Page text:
Yahoo is working on a mobile service called oneConnect designed to aggregate contacts and communications around what it calls a "socially connected address book."
The service, due to launch in the second quarter this year, draws information from social-networking sites such as MySpace, instant-messaging services such as Yahoo Messenger or AOL Instant Messenger, and email services including Yahoo Mail and Google's Gmail to build a picture of the mood, location and activities of friends and colleagues.
It also stores details of recent communications with address-book contacts, including instant-messaging and e-mail exchanges. All the information held about a person can be viewed on a "social contact card."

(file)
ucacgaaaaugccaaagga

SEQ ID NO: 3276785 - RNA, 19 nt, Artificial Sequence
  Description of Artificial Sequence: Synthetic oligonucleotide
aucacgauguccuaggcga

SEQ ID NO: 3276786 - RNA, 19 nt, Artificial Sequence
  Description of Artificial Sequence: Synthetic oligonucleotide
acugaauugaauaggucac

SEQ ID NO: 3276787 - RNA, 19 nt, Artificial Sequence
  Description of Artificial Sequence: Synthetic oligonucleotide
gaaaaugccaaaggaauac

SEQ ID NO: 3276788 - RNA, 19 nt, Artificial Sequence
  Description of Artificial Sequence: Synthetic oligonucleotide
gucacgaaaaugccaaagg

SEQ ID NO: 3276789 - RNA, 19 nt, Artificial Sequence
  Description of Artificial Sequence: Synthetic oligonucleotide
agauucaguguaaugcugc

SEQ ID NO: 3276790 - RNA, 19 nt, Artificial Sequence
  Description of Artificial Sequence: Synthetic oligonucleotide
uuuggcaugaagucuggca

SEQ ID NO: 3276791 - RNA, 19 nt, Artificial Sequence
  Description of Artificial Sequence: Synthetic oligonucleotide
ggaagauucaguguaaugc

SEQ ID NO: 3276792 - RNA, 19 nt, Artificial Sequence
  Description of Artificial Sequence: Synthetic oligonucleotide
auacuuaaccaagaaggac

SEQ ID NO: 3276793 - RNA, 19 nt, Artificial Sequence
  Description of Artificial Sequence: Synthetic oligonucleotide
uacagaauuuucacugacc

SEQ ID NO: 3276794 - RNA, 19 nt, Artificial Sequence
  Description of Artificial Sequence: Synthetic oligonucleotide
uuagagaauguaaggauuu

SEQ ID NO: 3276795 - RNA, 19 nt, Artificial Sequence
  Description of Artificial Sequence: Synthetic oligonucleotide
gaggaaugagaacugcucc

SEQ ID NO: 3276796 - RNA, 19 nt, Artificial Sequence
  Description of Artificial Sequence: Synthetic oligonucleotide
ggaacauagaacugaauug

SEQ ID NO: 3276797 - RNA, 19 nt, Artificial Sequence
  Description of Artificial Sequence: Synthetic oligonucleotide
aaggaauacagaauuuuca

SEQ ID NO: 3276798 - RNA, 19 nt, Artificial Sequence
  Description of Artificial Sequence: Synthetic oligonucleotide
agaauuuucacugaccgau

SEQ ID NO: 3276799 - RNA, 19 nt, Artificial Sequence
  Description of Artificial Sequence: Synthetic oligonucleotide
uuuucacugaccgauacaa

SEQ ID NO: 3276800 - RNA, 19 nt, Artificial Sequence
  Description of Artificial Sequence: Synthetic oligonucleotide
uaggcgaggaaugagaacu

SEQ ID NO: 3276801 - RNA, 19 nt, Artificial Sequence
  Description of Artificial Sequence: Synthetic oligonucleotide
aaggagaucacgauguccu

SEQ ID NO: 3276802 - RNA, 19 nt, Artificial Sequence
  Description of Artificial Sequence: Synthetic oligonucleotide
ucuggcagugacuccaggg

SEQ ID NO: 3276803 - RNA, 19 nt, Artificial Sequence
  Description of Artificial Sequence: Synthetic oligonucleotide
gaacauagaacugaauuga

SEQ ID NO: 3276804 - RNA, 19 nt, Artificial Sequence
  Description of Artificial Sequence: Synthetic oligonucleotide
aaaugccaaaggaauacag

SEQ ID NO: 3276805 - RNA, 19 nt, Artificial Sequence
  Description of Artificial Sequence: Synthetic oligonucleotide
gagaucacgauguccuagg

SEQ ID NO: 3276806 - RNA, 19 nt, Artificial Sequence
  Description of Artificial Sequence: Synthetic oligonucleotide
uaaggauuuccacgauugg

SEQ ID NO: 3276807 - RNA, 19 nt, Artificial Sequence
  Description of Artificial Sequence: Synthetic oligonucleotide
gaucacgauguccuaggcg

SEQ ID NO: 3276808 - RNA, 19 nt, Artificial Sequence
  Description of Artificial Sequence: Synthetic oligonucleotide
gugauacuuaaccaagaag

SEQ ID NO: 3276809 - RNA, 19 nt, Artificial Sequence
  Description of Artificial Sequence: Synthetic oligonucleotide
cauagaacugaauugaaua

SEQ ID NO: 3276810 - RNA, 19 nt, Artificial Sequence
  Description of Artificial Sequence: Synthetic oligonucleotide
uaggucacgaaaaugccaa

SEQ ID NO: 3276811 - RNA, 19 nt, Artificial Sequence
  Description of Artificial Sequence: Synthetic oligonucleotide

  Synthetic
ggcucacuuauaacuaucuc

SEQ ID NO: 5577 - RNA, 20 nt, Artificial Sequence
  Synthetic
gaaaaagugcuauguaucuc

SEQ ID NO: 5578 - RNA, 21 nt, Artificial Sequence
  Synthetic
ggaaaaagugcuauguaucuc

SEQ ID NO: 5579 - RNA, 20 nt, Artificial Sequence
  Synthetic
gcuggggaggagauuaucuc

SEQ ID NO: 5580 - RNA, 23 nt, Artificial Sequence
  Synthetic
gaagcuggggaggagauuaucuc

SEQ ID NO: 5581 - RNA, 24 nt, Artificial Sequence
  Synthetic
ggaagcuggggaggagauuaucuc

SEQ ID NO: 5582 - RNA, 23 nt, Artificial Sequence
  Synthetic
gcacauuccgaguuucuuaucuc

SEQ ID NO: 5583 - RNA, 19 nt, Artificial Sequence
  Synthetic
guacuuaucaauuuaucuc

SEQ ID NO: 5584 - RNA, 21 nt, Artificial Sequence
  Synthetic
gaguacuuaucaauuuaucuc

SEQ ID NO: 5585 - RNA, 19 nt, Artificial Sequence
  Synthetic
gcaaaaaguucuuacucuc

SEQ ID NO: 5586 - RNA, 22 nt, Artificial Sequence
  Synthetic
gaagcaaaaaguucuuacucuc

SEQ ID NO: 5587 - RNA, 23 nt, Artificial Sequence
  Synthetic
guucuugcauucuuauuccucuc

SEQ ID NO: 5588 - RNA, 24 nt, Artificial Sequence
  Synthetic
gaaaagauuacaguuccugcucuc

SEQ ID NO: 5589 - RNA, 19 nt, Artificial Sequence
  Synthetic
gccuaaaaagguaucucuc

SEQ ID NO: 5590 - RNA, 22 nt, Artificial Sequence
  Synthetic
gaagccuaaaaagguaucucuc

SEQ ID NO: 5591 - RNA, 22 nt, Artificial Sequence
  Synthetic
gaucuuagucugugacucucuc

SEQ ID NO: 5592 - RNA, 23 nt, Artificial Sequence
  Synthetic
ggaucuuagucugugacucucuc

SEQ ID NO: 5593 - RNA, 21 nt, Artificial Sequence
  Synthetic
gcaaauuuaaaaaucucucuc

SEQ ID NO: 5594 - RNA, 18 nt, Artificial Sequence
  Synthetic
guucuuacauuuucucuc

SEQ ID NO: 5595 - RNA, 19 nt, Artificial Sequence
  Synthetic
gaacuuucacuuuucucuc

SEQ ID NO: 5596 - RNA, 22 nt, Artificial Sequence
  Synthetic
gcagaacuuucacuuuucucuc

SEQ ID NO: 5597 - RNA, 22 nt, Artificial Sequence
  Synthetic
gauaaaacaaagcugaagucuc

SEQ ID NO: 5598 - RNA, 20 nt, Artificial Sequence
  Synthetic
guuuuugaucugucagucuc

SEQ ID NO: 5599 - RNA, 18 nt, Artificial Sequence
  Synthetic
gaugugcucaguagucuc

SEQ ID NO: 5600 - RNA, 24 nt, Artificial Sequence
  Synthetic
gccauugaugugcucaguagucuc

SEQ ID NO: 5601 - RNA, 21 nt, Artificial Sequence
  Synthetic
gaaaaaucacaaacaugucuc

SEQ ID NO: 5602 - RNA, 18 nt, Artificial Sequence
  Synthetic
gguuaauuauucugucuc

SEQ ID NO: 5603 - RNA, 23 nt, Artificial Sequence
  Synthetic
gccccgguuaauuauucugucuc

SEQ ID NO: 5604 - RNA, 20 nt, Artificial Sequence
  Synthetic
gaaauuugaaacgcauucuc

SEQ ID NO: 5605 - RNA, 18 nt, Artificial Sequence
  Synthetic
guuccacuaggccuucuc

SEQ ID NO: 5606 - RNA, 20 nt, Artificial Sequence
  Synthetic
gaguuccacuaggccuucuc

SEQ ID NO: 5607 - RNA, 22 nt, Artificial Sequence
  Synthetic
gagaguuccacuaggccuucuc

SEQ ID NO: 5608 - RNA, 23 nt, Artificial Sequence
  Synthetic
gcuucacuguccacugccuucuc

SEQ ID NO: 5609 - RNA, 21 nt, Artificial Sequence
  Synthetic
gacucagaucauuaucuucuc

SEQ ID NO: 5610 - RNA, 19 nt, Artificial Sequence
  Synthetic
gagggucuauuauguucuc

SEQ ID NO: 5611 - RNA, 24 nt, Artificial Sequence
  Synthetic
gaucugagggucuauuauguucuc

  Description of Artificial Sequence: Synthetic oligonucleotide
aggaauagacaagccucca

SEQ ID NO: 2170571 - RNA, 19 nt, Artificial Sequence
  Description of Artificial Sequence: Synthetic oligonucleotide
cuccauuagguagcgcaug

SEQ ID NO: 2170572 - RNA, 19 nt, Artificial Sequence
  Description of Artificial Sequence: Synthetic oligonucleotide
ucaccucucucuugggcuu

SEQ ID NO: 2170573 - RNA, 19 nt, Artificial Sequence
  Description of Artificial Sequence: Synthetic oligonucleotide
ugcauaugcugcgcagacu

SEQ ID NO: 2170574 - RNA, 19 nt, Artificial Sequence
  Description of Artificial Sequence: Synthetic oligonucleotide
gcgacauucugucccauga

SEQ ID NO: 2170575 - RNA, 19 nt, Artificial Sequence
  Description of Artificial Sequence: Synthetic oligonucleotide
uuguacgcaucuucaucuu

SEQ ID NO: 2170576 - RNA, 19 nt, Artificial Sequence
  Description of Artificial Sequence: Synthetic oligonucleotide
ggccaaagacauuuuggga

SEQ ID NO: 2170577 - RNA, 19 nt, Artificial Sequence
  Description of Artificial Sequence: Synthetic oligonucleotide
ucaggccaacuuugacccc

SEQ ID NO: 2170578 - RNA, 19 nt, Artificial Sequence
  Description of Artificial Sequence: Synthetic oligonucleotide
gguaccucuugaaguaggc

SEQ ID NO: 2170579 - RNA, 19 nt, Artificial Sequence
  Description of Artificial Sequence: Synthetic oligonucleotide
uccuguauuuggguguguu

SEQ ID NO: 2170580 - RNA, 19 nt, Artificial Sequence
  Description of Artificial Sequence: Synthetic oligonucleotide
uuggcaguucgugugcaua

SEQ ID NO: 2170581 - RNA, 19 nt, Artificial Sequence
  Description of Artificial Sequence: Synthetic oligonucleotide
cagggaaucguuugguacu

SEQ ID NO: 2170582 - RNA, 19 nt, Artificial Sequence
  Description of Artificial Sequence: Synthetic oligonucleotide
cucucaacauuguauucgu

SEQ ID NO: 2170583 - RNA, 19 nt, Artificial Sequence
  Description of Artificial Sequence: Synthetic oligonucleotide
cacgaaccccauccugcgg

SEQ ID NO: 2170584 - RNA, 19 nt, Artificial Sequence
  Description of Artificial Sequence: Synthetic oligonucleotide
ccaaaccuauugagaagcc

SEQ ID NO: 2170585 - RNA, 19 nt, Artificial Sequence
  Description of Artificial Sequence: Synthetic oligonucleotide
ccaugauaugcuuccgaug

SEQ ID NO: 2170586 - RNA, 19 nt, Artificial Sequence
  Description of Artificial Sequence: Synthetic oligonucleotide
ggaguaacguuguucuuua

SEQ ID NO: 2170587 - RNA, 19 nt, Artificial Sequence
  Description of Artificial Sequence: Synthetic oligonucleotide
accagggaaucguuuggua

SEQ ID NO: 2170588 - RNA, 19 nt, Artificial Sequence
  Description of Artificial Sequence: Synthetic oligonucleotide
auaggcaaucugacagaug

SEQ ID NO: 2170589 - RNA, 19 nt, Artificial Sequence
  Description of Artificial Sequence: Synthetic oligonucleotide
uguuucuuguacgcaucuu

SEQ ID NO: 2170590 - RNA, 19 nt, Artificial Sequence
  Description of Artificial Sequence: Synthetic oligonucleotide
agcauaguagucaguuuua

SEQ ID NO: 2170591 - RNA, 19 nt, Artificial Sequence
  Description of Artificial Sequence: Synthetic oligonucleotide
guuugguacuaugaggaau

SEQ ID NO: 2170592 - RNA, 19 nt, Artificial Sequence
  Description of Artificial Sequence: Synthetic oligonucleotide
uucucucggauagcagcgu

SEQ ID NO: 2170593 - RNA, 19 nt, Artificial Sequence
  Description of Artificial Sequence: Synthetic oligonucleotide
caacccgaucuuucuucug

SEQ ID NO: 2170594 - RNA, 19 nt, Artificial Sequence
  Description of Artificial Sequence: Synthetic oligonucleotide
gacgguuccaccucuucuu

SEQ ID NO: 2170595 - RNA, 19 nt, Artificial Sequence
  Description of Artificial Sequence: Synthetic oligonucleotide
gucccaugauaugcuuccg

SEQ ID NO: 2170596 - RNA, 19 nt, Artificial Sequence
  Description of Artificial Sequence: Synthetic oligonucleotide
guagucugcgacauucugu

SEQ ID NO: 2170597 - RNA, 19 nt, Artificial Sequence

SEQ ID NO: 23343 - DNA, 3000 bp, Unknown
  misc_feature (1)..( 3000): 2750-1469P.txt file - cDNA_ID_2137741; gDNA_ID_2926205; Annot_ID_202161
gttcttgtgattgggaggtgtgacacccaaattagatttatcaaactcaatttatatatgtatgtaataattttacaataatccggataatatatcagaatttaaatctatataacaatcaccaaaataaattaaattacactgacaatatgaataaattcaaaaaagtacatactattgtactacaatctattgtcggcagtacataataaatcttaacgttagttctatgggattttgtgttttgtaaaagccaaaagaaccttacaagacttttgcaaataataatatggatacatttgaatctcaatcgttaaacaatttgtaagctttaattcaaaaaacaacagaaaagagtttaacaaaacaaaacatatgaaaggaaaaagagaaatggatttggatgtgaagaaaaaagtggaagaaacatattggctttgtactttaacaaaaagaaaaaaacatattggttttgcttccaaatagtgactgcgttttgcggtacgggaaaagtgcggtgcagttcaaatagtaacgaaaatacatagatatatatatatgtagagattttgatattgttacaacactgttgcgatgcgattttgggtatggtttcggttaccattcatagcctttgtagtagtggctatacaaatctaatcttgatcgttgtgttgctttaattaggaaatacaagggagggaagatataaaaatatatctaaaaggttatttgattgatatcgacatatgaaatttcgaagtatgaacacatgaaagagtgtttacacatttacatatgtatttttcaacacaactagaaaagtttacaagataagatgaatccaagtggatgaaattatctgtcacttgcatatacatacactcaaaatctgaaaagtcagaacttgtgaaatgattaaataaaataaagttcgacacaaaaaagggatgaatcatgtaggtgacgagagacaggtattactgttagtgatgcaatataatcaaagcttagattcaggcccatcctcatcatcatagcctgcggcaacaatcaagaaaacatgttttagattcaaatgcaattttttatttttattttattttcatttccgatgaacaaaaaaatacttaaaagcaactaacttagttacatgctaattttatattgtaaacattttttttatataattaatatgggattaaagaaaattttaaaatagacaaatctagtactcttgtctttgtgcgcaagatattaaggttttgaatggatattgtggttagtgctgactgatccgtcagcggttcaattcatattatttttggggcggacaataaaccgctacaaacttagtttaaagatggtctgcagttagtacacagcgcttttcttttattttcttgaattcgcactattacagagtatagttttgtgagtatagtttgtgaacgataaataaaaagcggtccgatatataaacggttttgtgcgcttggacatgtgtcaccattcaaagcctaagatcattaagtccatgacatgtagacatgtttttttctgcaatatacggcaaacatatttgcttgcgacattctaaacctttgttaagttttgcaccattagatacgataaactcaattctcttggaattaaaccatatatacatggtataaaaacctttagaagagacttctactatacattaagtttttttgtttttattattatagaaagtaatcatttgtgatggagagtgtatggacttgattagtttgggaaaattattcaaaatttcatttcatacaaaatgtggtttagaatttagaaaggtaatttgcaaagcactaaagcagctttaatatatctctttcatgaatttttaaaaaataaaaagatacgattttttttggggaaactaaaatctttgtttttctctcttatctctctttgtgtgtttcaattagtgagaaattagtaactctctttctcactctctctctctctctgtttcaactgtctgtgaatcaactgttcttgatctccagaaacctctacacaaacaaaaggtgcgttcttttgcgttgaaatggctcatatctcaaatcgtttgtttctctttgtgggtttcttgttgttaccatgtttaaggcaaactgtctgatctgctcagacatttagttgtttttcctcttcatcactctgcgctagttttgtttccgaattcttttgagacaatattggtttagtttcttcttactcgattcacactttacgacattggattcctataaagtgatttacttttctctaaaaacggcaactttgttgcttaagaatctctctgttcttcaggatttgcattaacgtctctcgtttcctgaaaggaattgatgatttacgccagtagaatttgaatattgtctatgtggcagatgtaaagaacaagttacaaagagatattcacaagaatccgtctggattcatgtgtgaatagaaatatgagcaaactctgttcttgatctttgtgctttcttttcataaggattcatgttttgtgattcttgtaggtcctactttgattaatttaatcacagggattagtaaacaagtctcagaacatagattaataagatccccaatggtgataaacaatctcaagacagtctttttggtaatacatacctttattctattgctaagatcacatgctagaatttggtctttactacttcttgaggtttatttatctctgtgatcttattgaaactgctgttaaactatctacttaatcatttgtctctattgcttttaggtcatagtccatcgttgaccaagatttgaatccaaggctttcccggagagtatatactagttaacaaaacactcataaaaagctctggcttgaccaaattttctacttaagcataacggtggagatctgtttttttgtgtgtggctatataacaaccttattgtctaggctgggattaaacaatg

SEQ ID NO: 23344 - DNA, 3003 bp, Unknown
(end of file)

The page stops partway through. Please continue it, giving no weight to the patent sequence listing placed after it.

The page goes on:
Location data is calculated by GPS in handsets that have it, or deduced from nearby cell tower locations. Users of the service can keep their locations private, or opt to share that information with others.
Combining all the information gathered by the service allows Yahoo to alert users of the service when friends arrive in town, or to let them follow up on unfinished business when colleagues become available.
"I can see all my communications archives so when someone comes up to me, I know whether I answered his last email," said Marco Boerries, executive vice president of Yahoo's Connected Life division.